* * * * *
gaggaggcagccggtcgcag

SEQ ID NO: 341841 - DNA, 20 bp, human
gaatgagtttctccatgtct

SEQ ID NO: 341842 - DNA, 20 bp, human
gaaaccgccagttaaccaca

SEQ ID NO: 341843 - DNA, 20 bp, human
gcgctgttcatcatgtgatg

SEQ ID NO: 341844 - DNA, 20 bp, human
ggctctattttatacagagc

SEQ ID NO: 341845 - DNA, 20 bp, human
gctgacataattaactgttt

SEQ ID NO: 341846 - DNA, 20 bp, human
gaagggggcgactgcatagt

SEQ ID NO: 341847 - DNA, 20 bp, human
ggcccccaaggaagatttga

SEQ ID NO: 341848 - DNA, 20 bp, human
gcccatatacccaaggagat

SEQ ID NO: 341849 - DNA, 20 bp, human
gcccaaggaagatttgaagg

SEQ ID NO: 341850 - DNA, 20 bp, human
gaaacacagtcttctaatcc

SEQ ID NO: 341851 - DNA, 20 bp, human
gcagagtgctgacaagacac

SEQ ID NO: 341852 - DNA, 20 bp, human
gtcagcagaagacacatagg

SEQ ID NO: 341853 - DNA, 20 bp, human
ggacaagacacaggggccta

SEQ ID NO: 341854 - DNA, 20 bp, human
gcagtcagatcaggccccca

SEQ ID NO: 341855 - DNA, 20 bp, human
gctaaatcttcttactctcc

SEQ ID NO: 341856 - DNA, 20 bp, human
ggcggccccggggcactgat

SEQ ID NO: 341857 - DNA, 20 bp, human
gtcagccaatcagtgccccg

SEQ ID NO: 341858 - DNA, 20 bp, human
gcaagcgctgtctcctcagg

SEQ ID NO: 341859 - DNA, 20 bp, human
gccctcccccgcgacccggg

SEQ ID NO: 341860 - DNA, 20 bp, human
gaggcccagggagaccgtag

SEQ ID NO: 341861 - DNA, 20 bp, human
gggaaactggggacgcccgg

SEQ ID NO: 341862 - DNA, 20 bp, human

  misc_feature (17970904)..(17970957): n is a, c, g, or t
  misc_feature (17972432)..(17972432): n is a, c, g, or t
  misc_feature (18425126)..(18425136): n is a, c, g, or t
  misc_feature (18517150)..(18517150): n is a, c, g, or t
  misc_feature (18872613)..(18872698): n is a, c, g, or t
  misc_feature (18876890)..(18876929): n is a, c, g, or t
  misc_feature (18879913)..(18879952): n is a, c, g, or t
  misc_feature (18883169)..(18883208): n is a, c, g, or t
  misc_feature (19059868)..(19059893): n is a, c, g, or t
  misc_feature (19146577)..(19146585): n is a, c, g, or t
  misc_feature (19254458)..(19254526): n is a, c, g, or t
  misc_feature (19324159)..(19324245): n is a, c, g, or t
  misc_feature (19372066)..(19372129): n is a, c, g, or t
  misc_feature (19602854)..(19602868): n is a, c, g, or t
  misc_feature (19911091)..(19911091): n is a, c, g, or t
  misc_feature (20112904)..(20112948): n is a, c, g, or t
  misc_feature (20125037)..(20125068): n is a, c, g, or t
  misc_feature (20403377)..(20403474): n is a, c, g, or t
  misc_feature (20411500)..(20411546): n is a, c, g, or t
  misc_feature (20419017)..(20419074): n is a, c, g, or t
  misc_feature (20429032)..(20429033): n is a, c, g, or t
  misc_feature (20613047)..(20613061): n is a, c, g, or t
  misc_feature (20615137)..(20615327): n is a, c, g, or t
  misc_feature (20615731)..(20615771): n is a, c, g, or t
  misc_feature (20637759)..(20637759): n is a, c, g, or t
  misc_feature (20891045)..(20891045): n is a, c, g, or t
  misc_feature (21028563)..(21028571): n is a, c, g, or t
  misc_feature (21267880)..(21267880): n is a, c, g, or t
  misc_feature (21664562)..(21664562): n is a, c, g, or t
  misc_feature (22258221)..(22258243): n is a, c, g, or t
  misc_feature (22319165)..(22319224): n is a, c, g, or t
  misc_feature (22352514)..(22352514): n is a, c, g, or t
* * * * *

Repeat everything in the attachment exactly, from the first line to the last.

gaggaggcagccggtcgcag

SEQ ID NO: 341841 - DNA, 20 bp, human
gaatgagtttctccatgtct

SEQ ID NO: 341842 - DNA, 20 bp, human
gaaaccgccagttaaccaca

SEQ ID NO: 341843 - DNA, 20 bp, human
gcgctgttcatcatgtgatg

SEQ ID NO: 341844 - DNA, 20 bp, human
ggctctattttatacagagc

SEQ ID NO: 341845 - DNA, 20 bp, human
gctgacataattaactgttt

SEQ ID NO: 341846 - DNA, 20 bp, human
gaagggggcgactgcatagt

SEQ ID NO: 341847 - DNA, 20 bp, human
ggcccccaaggaagatttga

SEQ ID NO: 341848 - DNA, 20 bp, human
gcccatatacccaaggagat

SEQ ID NO: 341849 - DNA, 20 bp, human
gcccaaggaagatttgaagg

SEQ ID NO: 341850 - DNA, 20 bp, human
gaaacacagtcttctaatcc

SEQ ID NO: 341851 - DNA, 20 bp, human
gcagagtgctgacaagacac

SEQ ID NO: 341852 - DNA, 20 bp, human
gtcagcagaagacacatagg

SEQ ID NO: 341853 - DNA, 20 bp, human
ggacaagacacaggggccta

SEQ ID NO: 341854 - DNA, 20 bp, human
gcagtcagatcaggccccca

SEQ ID NO: 341855 - DNA, 20 bp, human
gctaaatcttcttactctcc

SEQ ID NO: 341856 - DNA, 20 bp, human
ggcggccccggggcactgat

SEQ ID NO: 341857 - DNA, 20 bp, human
gtcagccaatcagtgccccg

SEQ ID NO: 341858 - DNA, 20 bp, human
gcaagcgctgtctcctcagg

SEQ ID NO: 341859 - DNA, 20 bp, human
gccctcccccgcgacccggg

SEQ ID NO: 341860 - DNA, 20 bp, human
gaggcccagggagaccgtag

SEQ ID NO: 341861 - DNA, 20 bp, human
gggaaactggggacgcccgg

SEQ ID NO: 341862 - DNA, 20 bp, human

  misc_feature (17970904)..(17970957): n is a, c, g, or t
  misc_feature (17972432)..(17972432): n is a, c, g, or t
  misc_feature (18425126)..(18425136): n is a, c, g, or t
  misc_feature (18517150)..(18517150): n is a, c, g, or t
  misc_feature (18872613)..(18872698): n is a, c, g, or t
  misc_feature (18876890)..(18876929): n is a, c, g, or t
  misc_feature (18879913)..(18879952): n is a, c, g, or t
  misc_feature (18883169)..(18883208): n is a, c, g, or t
  misc_feature (19059868)..(19059893): n is a, c, g, or t
  misc_feature (19146577)..(19146585): n is a, c, g, or t
  misc_feature (19254458)..(19254526): n is a, c, g, or t
  misc_feature (19324159)..(19324245): n is a, c, g, or t
  misc_feature (19372066)..(19372129): n is a, c, g, or t
  misc_feature (19602854)..(19602868): n is a, c, g, or t
  misc_feature (19911091)..(19911091): n is a, c, g, or t
  misc_feature (20112904)..(20112948): n is a, c, g, or t
  misc_feature (20125037)..(20125068): n is a, c, g, or t
  misc_feature (20403377)..(20403474): n is a, c, g, or t
  misc_feature (20411500)..(20411546): n is a, c, g, or t
  misc_feature (20419017)..(20419074): n is a, c, g, or t
  misc_feature (20429032)..(20429033): n is a, c, g, or t
  misc_feature (20613047)..(20613061): n is a, c, g, or t
  misc_feature (20615137)..(20615327): n is a, c, g, or t
  misc_feature (20615731)..(20615771): n is a, c, g, or t
  misc_feature (20637759)..(20637759): n is a, c, g, or t
  misc_feature (20891045)..(20891045): n is a, c, g, or t
  misc_feature (21028563)..(21028571): n is a, c, g, or t
  misc_feature (21267880)..(21267880): n is a, c, g, or t
  misc_feature (21664562)..(21664562): n is a, c, g, or t
  misc_feature (22258221)..(22258243): n is a, c, g, or t
  misc_feature (22319165)..(22319224): n is a, c, g, or t
  misc_feature (22352514)..(22352514): n is a, c, g, or t